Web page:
It takes a lot of thunder to blitz a pair of ears in 45 minutes.
And Warm Gadget is a massive, violent storm front that rolls in quick, does its damage, and moves out before you even have a chance to run for cover.
That's what it felt like Feb. 25 when the Gadget, a local quartet that's eased into the Bend music scene over the past several months, played a short set at Silver Moon Brewing & Taproom.
The atmosphere in the pub felt a bit like a secret show. It wasn't. It was just booked last-minute and hastily promoted, so the crowd was modest in size, but full of familiar faces from across Bend's left-of-center rock scene. In other words, I saw plenty of folks there who prefer their music flavored with weird.
Warm Gadget gave them what they wanted, though I must admit, the band wasn't quite as out there as I expected them to be. The songs on their MySpace — www.myspace .com/warmgadget7 — are creepy, industrial, electro-fuzz-rock blasts that are, generally speaking, slightly more beat-driven than riff-driven.
Live, those beats and electronic textures are certainly perceptible, but they don't play as much of a role in the band's sound as they do on recordings. Live, Warm Gadget is a sludgehammer, pummeling anything in its path with its aural assault.
It's a four-pronged attack. Drummer Jared Forqueran is a machine behind the kit, of course. Eric Metzger's bass lines are deep and powerful enough to register on a Richter scale. And Colten Williams spent his evening strangling his guitar for sounds so sharp you could probably trim hedges with 'em.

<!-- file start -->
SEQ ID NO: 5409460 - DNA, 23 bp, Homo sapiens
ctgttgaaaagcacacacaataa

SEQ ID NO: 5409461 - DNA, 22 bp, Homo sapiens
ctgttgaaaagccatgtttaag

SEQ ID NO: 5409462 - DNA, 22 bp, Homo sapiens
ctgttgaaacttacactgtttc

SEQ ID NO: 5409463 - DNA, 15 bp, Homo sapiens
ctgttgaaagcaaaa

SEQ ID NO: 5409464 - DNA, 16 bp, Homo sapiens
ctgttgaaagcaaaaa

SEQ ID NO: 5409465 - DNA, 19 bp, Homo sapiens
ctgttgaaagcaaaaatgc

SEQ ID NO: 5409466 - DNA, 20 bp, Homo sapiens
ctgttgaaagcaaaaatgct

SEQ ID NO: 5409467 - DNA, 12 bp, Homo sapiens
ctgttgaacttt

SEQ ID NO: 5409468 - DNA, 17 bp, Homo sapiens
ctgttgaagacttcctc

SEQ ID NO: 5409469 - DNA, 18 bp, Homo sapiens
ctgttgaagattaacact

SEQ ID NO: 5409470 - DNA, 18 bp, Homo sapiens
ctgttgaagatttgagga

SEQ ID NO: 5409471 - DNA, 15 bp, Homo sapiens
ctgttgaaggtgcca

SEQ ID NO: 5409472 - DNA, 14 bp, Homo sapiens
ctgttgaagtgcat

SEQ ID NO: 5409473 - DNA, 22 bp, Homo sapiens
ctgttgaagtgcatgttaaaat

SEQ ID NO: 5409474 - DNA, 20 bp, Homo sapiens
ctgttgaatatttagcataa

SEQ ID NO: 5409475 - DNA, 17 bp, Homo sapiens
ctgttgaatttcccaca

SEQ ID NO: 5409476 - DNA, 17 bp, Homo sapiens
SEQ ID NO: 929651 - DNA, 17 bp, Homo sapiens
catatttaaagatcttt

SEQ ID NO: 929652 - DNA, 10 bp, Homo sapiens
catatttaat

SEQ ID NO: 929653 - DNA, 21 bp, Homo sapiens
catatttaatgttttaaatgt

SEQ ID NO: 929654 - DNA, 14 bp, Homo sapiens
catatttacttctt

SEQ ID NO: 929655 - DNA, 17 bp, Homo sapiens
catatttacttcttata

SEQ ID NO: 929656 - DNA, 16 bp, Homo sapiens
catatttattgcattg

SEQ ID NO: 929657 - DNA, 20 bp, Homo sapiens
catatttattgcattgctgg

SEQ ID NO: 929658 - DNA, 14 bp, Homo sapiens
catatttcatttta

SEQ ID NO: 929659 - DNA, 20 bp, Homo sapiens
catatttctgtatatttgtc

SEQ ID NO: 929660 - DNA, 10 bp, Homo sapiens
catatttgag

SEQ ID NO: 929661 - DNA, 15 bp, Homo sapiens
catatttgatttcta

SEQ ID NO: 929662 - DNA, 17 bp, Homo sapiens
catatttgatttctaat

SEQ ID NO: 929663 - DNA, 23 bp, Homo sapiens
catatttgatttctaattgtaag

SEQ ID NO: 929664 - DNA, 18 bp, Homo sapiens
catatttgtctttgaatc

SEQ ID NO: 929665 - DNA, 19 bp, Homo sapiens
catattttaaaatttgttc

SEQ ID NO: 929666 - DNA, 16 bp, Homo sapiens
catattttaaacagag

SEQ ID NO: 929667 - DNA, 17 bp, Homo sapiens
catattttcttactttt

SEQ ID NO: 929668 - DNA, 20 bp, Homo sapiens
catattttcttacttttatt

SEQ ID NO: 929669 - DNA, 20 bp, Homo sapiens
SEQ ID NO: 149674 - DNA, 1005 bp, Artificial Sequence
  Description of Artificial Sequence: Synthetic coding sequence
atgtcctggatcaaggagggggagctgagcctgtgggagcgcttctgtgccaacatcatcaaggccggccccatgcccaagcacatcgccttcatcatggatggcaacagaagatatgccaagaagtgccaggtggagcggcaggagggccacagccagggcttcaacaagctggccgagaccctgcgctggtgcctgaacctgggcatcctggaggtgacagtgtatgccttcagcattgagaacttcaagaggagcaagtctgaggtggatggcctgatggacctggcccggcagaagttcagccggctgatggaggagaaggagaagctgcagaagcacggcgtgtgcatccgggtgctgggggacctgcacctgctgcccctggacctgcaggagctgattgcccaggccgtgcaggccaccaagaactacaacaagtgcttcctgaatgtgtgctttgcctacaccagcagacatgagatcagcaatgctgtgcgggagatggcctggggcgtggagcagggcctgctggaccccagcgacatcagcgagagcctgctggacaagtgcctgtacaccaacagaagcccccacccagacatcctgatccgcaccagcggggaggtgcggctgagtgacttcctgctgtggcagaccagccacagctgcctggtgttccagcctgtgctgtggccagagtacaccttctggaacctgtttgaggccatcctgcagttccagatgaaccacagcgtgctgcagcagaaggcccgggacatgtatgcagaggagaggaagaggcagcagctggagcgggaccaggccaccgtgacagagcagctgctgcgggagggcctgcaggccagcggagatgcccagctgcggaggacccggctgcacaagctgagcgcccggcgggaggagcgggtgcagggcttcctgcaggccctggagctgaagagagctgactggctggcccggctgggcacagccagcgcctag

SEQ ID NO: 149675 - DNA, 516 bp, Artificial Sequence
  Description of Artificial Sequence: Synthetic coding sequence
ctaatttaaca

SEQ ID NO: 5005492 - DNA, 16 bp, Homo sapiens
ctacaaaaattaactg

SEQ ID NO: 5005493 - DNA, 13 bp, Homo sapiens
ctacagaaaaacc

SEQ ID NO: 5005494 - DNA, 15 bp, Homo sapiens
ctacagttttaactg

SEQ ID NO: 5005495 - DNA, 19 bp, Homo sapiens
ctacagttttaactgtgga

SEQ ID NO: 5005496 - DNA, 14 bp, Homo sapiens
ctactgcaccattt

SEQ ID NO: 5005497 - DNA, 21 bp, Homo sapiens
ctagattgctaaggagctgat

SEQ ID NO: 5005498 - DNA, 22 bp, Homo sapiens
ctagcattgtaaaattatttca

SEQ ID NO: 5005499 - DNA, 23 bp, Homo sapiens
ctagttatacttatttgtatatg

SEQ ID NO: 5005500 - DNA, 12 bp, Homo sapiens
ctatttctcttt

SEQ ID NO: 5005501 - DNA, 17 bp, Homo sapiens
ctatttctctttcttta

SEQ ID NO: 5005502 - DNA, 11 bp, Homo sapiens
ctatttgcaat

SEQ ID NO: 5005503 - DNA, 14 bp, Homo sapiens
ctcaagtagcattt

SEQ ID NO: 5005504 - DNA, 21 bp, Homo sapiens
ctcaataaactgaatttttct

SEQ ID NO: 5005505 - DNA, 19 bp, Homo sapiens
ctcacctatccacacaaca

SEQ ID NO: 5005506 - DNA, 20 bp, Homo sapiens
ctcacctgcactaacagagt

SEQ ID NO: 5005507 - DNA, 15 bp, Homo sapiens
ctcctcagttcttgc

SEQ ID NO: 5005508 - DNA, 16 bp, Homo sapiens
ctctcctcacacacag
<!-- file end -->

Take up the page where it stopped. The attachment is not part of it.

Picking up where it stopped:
And then there's frontman Tim Vester, the former Kronkmen vocalist who wore a priest's clerical collar for the gig. Vester's style is equal parts abrasive and magnetic, like the scrape of metal on metal chased with a spoonful of sugar.
He's fun to watch, but he'll never win “American Idol,” unless they have “American Idol” in purgatory. Then he has a shot.
Warm Gadget only played for about 45 minutes, blasting their way through one bruising tune after another and filling the space between with programmed samples and sounds. Those breaks seemed to confuse the audience; it's hard to know when to clap when you're not sure if the song is over or not.
But the breaks also provided time for the band to attend to other things, such as re-tuning, opening the windows to cool down the bar, or, in one case, for Vester to leave the stage completely and get another drink.
They also provided a soundbed for the songs. The alternately caustic and glitchy grind of “Pain By Numbers” drowns out an odd spoken-word sample of some guy talking about “when police arrived.” Other songs, such as “Twisted” and “Witch Hunt,” seem like soundtracks to the march of some menacing droid with an evil heart and mercury coursing through its veins. And “Creapy On The Inside” follows a militant guitar riff and a sandstorm of noise that envelops Vester's vocals, giving the whole thing a very claustrophobic feel. So far, it's my favorite of Warm Gadget's tunes.
When all was said and done, I wanted a little bit more, which is how it should be. Alas, the band is still building its repertoire (and, perhaps, values brevity), and the end of the set really was the end of the set. I crossed Greenwood Avenue and hopped into my car, where the self-titled EP by local pop-punkers Tuck and Roll was already in the CD player.
As I drove home, I swear I was hearing those songs in new ways, discovering formerly obscured notes and melodies. It was as if Warm Gadget rearranged how my ears work and reshuffled my brain, opening them to a previously uncharted world of sounds.
It was weird. And weird is good.